• 7. The Head The Head is the first step in the presentation, beginning with the greeting ritual: 'the approach lane'. The speaker introduces himself and the subject of the presentation and eventually the objective. Also required indications are given concerning procedures, for instance about the way the public may ask questions. A brief summary is given concerning "what is going to be said". This step must motivate the public. The public must be won over for the presentation, speaker looks for contact with the public. The listeners get a first impression of the speaker, and as a well known saying says: the first blow is half the battle. The "head" is very important and determines further setting, but this first blow should not be too heavy. One does not serve pea-soup as first course ! Preferably one starts with attracting attention. Possibilities are: - a quotation - newspaper-report - a tale / anecdote - frank observation - a (awkward) question / challenge - a joke / stimulate remark - a snappy opening sentence These suggestions should not lead to forced behavior. The starter must fit the speaker and his subject ! A wrong starter overshoots the mark, that is making contact with the listeners. Attention points: * Make contact and create togetherness. * Choose a suitable opener drawing attention. * Introduce the subject. * Motivate the public. * Summarize the desired course of events. The Body In this part of the presentation the objective must be realized. The speaker informs, tried to convince, argues or tries to touch his listeners emotionally. The collected materials regarding the subject are now presented. It is of course of importance that the information is presented in a logical well structured way. This part of the presentation can be structured by for instance: * Ordering the subject in (sub)theme's. * Select the phases of the problem-solving reader as model. * Use a question-answer model. * Treat a theme using pros and cons. 7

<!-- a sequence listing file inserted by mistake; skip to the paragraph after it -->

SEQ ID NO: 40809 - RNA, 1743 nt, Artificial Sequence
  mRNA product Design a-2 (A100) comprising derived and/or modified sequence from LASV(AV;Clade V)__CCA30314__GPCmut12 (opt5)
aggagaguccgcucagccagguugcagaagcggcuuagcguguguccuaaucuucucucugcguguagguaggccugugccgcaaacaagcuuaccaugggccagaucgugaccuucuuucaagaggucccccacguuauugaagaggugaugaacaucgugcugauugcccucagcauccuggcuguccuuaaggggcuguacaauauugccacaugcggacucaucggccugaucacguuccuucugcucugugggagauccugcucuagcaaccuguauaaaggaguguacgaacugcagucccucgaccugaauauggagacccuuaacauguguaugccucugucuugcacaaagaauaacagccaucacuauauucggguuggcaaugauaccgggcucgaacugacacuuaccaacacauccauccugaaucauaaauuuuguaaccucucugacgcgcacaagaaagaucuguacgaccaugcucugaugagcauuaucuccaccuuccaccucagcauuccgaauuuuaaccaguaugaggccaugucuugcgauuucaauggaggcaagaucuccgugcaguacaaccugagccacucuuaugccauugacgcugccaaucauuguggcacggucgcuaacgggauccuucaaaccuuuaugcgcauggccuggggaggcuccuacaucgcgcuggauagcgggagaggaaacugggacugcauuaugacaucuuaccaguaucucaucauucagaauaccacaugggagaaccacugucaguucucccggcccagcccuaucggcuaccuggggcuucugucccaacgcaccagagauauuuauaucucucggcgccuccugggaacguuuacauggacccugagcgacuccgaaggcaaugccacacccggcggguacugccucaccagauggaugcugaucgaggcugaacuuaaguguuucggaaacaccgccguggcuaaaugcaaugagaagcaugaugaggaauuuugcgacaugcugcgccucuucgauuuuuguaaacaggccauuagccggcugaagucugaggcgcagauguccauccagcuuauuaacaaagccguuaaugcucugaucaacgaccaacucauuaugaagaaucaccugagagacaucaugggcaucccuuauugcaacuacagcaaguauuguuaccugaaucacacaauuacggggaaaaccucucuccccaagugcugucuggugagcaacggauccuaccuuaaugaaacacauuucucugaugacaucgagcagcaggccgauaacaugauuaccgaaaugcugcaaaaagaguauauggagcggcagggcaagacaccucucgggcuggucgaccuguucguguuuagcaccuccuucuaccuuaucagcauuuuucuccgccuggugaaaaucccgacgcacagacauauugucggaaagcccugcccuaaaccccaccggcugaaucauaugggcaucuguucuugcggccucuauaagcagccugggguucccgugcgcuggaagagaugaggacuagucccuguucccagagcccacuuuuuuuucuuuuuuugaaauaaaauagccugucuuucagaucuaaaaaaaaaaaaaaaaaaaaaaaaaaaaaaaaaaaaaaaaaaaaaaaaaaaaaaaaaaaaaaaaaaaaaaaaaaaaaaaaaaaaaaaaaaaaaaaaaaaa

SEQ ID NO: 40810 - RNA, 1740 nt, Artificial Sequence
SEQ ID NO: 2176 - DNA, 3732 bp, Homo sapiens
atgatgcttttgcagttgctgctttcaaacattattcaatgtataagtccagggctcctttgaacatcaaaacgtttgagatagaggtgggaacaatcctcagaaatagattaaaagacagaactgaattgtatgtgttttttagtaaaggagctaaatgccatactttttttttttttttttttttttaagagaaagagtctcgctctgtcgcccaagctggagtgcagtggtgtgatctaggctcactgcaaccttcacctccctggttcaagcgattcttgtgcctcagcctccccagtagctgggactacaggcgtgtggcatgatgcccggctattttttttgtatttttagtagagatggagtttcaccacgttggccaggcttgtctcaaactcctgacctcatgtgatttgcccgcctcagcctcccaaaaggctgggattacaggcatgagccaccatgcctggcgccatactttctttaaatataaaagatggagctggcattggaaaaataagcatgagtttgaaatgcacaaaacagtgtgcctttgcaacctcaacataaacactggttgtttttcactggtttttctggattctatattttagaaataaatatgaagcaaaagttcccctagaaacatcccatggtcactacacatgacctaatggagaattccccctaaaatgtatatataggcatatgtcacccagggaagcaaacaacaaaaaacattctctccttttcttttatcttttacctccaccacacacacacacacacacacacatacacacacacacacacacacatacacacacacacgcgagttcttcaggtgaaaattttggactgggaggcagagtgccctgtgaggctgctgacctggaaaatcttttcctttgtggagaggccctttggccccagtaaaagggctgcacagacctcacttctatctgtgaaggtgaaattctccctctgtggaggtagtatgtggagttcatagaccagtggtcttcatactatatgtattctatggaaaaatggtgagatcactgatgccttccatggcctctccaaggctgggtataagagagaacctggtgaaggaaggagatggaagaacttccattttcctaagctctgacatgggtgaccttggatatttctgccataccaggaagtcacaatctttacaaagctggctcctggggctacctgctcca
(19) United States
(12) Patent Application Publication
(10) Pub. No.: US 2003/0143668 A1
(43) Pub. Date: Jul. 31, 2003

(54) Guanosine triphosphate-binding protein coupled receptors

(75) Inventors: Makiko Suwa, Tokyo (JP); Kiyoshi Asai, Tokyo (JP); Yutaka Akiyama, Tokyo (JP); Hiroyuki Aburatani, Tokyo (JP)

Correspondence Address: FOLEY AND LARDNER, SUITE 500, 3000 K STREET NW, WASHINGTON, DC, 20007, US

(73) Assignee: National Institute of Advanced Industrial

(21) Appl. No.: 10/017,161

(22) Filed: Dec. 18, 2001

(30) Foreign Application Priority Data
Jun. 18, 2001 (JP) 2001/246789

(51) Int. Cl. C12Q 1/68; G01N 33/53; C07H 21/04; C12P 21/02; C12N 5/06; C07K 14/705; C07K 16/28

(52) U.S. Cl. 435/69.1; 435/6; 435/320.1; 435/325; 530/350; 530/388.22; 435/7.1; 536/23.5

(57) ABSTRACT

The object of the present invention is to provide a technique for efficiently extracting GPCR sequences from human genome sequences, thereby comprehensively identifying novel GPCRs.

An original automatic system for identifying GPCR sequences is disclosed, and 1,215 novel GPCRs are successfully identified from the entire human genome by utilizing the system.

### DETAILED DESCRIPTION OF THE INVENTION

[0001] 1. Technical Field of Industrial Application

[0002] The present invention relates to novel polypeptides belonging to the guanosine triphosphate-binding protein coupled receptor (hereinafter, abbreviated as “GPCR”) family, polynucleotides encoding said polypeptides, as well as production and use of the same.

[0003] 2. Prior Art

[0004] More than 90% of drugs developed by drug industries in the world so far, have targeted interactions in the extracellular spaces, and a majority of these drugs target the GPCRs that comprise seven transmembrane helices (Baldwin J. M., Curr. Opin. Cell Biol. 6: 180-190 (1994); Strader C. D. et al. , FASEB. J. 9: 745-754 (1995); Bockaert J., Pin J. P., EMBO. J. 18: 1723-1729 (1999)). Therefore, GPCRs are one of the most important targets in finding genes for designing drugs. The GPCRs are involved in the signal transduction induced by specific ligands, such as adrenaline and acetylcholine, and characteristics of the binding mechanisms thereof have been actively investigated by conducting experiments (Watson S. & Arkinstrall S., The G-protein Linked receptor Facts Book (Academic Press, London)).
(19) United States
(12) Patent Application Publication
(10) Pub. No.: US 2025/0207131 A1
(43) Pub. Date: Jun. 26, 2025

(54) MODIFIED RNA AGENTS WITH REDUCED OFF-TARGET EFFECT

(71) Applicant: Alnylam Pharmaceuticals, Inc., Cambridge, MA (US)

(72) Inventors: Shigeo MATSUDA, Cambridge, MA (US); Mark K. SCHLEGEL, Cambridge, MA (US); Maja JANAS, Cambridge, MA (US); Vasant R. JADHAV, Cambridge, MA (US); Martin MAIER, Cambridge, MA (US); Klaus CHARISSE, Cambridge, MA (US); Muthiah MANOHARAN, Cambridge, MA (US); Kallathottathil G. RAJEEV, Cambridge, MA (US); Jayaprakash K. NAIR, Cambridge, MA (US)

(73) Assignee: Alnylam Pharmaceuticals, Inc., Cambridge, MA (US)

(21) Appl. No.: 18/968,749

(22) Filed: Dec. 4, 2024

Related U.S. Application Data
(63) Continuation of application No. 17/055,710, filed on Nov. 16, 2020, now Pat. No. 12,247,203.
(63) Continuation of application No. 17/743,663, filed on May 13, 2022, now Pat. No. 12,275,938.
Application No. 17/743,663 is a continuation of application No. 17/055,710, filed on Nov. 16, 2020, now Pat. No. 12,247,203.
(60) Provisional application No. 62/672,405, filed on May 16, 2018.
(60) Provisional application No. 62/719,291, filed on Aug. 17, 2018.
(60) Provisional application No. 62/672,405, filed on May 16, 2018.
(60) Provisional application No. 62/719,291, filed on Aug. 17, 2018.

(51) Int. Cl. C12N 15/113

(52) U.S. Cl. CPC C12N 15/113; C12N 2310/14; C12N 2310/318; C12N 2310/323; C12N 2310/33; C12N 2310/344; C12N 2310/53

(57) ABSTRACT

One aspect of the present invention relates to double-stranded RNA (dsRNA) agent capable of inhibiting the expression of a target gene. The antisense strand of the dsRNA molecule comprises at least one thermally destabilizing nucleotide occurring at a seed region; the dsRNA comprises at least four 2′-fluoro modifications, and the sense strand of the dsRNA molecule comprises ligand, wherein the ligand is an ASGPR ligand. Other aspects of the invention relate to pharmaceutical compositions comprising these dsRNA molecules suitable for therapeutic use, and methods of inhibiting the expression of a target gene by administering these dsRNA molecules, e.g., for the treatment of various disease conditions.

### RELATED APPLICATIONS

• 8. Of course no structure is compulsory. It is however a foothold for speaker and public when a selected line is consequently followed. Roughly speaking it means that in almost all selected structures on an average four or five main points are dealt with, next to a image forming introduction and a concrete situation description or thesis. Each main point can then be split up in two or three parts. This line forms the base structure of the body of the presentation. With the help of between times summaries and transition of connecting sentences can speaker present the line of the story. That is a support for the listeners, who - as is shown in practice - can not unceasing listen in full concentration and therefore must get the chance to pick up the line of the presentation. A few examples of connecting and summarizing sentences: "so far my sketch of the problem; I do want now to pass on to ..." / "My third argument is ...." "To say it with other words ..." The main lines and sub-points can be verbally illustrated with examples, a joke or an anecdote. How this is done depends of course on the nature of the presentation but also on the type of public. What makes them enthusiast, fettered or convinced? What we are talking about now is to enlarge the attraction factor of the presentation: the dressing. Also illustrations are important. They support the alternation in a story and pull back the attention. One may consider the use of transparencies, showing objects and the use of image and sound tapes like dia-positives, video, film and sound tape. Also here the selection is determined by earlier made situation analysis. An important attention point: the speaker must know how to handle the machines ! Attention points: * Choose a logical structure * Make a main line of 4 - 5 points * Formulate summaries and change-overs * Select verbal and visual illustrations * Put the presentation points on 1 A4 (including Head and Tail) The Tail In the tail end, the presentation is rounded off. The story is summarized and the objective is once more repeated. A last appeal, a conclusion or a moral is formulated. It is of importance to know that from a presentation Head and Tail are best remembered. Depending on the type of presentation opportunity is given for questions or reactions. When questioning timing is over, the last comer of the presentation in the form of a appealing final sentence, a question or a conclusion. Also it is possible to repeat the starting entry. In any event the final sentence is of great importance and therefore requires special attention. 8